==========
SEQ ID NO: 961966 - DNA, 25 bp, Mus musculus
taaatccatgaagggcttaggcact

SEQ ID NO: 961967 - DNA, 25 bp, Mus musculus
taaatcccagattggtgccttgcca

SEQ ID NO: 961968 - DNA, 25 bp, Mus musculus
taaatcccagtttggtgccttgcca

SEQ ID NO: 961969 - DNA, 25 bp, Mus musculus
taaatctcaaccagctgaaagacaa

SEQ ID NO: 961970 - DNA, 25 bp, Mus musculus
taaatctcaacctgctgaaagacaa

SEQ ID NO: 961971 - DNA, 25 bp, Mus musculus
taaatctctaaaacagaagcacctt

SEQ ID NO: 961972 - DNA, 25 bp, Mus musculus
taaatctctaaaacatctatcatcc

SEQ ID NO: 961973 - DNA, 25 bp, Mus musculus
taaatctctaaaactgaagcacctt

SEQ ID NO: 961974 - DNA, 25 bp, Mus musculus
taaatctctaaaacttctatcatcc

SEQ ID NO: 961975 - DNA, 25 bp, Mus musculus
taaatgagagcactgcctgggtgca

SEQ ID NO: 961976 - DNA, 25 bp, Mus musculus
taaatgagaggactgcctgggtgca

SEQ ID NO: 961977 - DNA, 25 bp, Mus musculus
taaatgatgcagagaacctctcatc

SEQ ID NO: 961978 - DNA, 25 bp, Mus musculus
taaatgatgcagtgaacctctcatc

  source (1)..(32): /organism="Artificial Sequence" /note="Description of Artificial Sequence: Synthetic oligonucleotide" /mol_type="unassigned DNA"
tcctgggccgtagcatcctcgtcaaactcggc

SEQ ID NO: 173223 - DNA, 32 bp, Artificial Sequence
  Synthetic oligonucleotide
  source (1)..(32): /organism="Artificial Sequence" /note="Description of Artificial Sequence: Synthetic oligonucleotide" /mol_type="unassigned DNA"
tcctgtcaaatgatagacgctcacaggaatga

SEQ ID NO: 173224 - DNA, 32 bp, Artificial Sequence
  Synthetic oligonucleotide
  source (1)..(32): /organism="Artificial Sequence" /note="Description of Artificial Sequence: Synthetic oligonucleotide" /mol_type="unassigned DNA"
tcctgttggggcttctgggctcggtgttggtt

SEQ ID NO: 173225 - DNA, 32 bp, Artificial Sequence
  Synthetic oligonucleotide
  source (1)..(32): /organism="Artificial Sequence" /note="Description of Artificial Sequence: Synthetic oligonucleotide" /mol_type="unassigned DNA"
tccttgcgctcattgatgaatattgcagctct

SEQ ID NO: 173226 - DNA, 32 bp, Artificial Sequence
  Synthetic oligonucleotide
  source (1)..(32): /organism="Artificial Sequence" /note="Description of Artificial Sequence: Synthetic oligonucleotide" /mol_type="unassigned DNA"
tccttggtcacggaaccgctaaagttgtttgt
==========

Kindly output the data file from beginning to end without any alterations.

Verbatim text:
SEQ ID NO: 961966 - DNA, 25 bp, Mus musculus
taaatccatgaagggcttaggcact

SEQ ID NO: 961967 - DNA, 25 bp, Mus musculus
taaatcccagattggtgccttgcca

SEQ ID NO: 961968 - DNA, 25 bp, Mus musculus
taaatcccagtttggtgccttgcca

SEQ ID NO: 961969 - DNA, 25 bp, Mus musculus
taaatctcaaccagctgaaagacaa

SEQ ID NO: 961970 - DNA, 25 bp, Mus musculus
taaatctcaacctgctgaaagacaa

SEQ ID NO: 961971 - DNA, 25 bp, Mus musculus
taaatctctaaaacagaagcacctt

SEQ ID NO: 961972 - DNA, 25 bp, Mus musculus
taaatctctaaaacatctatcatcc

SEQ ID NO: 961973 - DNA, 25 bp, Mus musculus
taaatctctaaaactgaagcacctt

SEQ ID NO: 961974 - DNA, 25 bp, Mus musculus
taaatctctaaaacttctatcatcc

SEQ ID NO: 961975 - DNA, 25 bp, Mus musculus
taaatgagagcactgcctgggtgca

SEQ ID NO: 961976 - DNA, 25 bp, Mus musculus
taaatgagaggactgcctgggtgca

SEQ ID NO: 961977 - DNA, 25 bp, Mus musculus
taaatgatgcagagaacctctcatc

SEQ ID NO: 961978 - DNA, 25 bp, Mus musculus
taaatgatgcagtgaacctctcatc

  source (1)..(32): /organism="Artificial Sequence" /note="Description of Artificial Sequence: Synthetic oligonucleotide" /mol_type="unassigned DNA"
tcctgggccgtagcatcctcgtcaaactcggc

SEQ ID NO: 173223 - DNA, 32 bp, Artificial Sequence
  Synthetic oligonucleotide
  source (1)..(32): /organism="Artificial Sequence" /note="Description of Artificial Sequence: Synthetic oligonucleotide" /mol_type="unassigned DNA"
tcctgtcaaatgatagacgctcacaggaatga

SEQ ID NO: 173224 - DNA, 32 bp, Artificial Sequence
  Synthetic oligonucleotide
  source (1)..(32): /organism="Artificial Sequence" /note="Description of Artificial Sequence: Synthetic oligonucleotide" /mol_type="unassigned DNA"
tcctgttggggcttctgggctcggtgttggtt

SEQ ID NO: 173225 - DNA, 32 bp, Artificial Sequence
  Synthetic oligonucleotide
  source (1)..(32): /organism="Artificial Sequence" /note="Description of Artificial Sequence: Synthetic oligonucleotide" /mol_type="unassigned DNA"
tccttgcgctcattgatgaatattgcagctct

SEQ ID NO: 173226 - DNA, 32 bp, Artificial Sequence
  Synthetic oligonucleotide
  source (1)..(32): /organism="Artificial Sequence" /note="Description of Artificial Sequence: Synthetic oligonucleotide" /mol_type="unassigned DNA"
tccttggtcacggaaccgctaaagttgtttgt